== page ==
Signs suggest Castillo Copper onto a Big One
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Special Report: Castillo Copper has intersected visible copper oxide and sulphide mineralisation during early drilling at the Big One deposit, within its Mt Oxide copper project in North West Queensland.
Inspecting samples from the first seven drill holes completed at the Big One deposit, Castillo (ASX:CCZ) observed visible copper oxide (otherwise known as malachite) and sulphide (chalcocite) mineralisation in intercepts of up to 13 metres at shallow depths.
The intercepts included:
Castillo’s geology team said the results revealed promising insight into the mineral composition of Big One, from which 4400t of supergene ore was mined by previous owners in 1997 with an average achieved grade of 3.5% copper.
The team noted that the chalcocite and malachite evident at RC_211 meant the hole was drilled in a transitional/supergene zone below the oxide layer which sits proximal to historical working.
RC_207 is also thought to be drilled in that transitional zone, while the presence of haematite and quartz alteration in the results is significant, as this mineralisation is typically linked to copper in the Mt Isa Block region where the project sits.
Assay results are now being pushed through, but the company said the initial observations potentially extended the known copper mineralisation at depth and suggested there were underlying sulphides in the transitional/supergene zone.
Castillo managing director Simon Paull said the early results were outstanding for the company, which still has a further 28 drill holes to complete at the Big One deposit.
“Hitting visible copper oxide and sulphide mineralisation at shallow depths in the first phase of an extensive drilling campaign is exceptional,” he said.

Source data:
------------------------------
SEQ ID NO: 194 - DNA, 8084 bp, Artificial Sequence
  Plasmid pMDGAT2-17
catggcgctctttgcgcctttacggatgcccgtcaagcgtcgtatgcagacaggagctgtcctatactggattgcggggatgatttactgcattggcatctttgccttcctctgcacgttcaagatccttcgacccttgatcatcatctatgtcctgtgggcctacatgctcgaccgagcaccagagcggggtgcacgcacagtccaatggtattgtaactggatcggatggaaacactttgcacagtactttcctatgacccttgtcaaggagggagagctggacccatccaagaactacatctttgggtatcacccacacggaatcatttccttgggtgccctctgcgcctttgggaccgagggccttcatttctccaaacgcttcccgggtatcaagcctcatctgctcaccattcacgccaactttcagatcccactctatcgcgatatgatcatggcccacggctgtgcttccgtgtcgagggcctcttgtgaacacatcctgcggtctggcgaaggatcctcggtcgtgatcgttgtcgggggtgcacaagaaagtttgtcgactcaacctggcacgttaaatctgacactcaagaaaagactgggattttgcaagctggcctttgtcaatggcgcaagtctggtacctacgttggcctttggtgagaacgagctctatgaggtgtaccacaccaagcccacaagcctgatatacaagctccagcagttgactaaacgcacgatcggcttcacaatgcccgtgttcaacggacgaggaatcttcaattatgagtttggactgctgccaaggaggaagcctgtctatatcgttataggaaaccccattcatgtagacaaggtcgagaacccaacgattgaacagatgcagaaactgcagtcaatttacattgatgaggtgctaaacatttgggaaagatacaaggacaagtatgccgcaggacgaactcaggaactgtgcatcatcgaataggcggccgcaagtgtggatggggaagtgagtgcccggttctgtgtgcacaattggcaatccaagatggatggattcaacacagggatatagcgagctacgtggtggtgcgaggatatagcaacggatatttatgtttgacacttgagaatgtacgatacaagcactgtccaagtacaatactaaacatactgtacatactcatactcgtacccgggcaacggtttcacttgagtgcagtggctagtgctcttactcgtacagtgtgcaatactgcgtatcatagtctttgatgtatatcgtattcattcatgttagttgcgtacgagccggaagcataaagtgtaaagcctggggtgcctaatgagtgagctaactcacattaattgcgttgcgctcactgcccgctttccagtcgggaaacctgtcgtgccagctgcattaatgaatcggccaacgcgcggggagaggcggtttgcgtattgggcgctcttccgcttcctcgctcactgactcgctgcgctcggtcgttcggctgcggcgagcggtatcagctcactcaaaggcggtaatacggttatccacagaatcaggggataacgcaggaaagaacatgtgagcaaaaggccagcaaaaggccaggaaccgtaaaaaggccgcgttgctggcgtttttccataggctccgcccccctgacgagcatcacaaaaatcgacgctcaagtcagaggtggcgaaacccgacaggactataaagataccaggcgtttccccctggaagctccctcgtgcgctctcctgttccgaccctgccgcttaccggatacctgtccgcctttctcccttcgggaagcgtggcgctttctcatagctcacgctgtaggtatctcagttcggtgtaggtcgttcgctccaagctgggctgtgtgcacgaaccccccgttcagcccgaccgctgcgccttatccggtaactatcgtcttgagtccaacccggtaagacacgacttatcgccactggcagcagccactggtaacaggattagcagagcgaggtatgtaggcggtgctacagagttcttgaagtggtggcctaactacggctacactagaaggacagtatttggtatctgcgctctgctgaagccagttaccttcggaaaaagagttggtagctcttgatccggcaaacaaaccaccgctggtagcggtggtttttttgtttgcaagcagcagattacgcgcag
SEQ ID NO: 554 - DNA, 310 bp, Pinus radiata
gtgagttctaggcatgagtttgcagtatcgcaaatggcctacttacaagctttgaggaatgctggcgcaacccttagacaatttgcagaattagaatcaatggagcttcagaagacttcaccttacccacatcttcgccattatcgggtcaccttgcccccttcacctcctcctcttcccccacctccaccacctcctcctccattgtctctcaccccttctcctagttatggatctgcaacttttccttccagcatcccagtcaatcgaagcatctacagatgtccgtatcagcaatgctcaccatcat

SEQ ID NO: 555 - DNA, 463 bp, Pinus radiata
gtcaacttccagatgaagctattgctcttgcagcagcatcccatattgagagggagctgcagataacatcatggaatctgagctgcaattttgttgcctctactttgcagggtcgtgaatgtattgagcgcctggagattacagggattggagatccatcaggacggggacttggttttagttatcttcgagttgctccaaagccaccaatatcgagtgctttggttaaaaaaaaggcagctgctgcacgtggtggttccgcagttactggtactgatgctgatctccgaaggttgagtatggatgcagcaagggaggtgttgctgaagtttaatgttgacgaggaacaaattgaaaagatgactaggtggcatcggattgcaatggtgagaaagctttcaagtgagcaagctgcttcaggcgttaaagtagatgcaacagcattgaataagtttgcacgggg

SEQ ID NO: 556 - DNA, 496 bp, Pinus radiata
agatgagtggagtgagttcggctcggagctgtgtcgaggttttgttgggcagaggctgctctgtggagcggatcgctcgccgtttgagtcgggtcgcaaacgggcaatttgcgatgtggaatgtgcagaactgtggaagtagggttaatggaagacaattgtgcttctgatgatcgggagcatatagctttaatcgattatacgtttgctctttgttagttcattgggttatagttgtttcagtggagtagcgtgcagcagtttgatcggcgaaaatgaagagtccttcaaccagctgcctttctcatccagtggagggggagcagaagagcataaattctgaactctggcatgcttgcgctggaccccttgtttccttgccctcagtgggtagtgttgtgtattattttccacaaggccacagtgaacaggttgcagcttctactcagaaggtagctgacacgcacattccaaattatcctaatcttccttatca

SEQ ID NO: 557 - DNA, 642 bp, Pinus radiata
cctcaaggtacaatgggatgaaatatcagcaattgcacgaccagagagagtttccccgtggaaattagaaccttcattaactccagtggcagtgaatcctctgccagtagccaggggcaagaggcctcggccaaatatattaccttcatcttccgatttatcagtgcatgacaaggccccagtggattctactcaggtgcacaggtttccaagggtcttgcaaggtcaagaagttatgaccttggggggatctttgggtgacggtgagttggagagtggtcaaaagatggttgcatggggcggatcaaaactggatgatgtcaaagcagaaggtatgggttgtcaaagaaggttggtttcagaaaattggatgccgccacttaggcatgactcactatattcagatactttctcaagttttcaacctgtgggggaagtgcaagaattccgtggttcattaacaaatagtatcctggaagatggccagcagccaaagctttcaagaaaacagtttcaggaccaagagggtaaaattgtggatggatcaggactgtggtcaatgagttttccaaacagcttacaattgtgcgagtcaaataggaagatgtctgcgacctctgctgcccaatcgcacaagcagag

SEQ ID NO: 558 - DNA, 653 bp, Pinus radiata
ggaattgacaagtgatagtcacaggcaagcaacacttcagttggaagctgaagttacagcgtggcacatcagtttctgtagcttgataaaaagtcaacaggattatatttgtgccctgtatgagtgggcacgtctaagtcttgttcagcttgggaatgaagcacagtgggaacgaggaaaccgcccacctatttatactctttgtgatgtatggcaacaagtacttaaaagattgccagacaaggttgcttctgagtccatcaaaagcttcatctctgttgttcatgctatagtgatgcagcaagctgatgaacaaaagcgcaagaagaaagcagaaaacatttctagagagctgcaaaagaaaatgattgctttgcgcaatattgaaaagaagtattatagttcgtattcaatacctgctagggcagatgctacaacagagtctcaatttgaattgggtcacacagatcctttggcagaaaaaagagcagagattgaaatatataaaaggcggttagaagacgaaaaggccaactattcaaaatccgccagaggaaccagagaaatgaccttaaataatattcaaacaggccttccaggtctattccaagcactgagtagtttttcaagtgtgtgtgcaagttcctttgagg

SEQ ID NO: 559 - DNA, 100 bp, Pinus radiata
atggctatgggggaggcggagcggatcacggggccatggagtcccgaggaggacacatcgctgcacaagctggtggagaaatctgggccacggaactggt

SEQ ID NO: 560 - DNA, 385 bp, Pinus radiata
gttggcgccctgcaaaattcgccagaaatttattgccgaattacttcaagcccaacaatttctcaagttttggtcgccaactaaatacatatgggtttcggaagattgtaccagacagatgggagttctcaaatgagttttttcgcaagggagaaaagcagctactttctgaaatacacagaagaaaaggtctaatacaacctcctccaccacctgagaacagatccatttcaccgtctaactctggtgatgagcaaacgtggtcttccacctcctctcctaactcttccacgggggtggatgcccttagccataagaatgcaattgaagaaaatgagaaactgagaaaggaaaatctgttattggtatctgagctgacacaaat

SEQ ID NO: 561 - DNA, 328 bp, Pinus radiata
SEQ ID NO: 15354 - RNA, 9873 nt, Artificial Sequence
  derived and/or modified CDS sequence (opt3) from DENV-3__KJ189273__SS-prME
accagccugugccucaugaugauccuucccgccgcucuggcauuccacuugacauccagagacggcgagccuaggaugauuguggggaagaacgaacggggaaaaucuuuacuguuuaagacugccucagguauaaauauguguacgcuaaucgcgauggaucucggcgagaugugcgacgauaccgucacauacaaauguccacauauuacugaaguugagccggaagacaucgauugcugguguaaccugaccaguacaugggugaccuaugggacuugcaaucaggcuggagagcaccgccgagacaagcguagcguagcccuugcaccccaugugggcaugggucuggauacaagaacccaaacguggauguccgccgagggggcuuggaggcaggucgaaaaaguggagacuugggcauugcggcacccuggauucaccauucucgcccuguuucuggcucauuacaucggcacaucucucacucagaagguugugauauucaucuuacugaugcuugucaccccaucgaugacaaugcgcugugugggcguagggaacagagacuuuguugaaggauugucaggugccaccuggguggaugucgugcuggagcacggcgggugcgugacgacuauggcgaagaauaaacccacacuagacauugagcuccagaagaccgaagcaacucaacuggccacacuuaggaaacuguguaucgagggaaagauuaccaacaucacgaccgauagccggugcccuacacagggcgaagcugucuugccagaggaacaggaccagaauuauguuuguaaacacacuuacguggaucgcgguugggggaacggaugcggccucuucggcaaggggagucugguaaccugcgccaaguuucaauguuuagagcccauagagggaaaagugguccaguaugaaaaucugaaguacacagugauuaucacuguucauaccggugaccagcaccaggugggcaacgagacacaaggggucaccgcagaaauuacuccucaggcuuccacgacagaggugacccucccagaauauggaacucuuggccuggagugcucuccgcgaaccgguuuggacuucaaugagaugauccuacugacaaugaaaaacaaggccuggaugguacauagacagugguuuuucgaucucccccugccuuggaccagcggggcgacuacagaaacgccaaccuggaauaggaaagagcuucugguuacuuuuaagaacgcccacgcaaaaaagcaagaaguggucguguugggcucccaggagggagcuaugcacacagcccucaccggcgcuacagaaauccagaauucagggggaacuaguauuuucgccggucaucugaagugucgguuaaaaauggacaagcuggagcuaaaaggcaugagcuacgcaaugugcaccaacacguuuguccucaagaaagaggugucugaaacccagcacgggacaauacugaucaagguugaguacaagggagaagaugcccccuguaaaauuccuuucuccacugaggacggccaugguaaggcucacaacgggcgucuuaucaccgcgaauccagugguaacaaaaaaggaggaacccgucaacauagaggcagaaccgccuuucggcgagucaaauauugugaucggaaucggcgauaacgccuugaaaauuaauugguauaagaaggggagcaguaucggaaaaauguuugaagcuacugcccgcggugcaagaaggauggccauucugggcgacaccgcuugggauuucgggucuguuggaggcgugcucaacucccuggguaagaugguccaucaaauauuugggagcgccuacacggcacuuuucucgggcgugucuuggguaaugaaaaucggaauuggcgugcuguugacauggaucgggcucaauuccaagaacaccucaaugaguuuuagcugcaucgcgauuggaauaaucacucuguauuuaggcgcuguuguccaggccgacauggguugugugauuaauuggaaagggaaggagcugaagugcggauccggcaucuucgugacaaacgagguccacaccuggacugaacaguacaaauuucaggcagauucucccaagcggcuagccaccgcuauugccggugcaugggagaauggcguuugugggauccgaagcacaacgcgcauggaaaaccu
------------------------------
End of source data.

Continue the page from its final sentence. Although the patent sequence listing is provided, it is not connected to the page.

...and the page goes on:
“More encouraging, however, is the indicative size of the intercepts at Big One deposit, which range from 9 metres to 13 metres in work undertaken to date.
“The board is delighted with this early success and looks forward to receiving the assay results.”
Castillo’s UK-based director Ged Hall said the early signs indicated a strong mineral presence at Big One.
“The team is off to a flying start, especially hitting copper sulphide mineralisation at this early stage of the campaign,” he said.
“The is a lead indicator which highlights the potential scalability of the Big One deposit, as our knowledge of the underlying ore body expands in tandem with the drilling campaign’s progress.”
Castillo said the remainder of the drilling campaign would be reorientated to account for the underlying mineralisation, which is believed to be more steeply aligned than previously modelled.
The visible mineralisation is the latest in the positive newsflow out of Mt Oxide, where historical data uncovered in an attic by Castillo in January revealed some serious numbers recorded during drilling by a previous project owner in 1993.
The company intends to drill the Arya prospect at Mt Oxide following the current campaign at Big One.
Mt Oxide is one of the copper pillars which makes up dual-listed Castillo’s copper strategy across Australia and Zambia.
The project, located in the prospective Mt Isa copper belt district which has seen a resurgence of interest since 2019, offers significant exploration upside with a number of high-grade targets.
The company also holds four high quality prospective assets across Zambia’s copper belt – potentially rich pickings within the boundaries of Africa’s second-largest copper producer.
The final pillar is the Cangai copper mine in Northern New South Wales, one of Australia’s highest grading historic copper mines with a JORC inferred resource of 3.2 million tonnes at 3.35% copper.
Castillo also holds a large tenure footprint near Broken Hill’s world-class deposit which is said to be prospective for zinc-silver-lead-copper and gold.
This article was developed in collaboration with Castillo Copper, a Stockhead advertiser at the time of publishing.
This article does not constitute financial product advice. You should consider obtaining independent advice before making any financial decisions.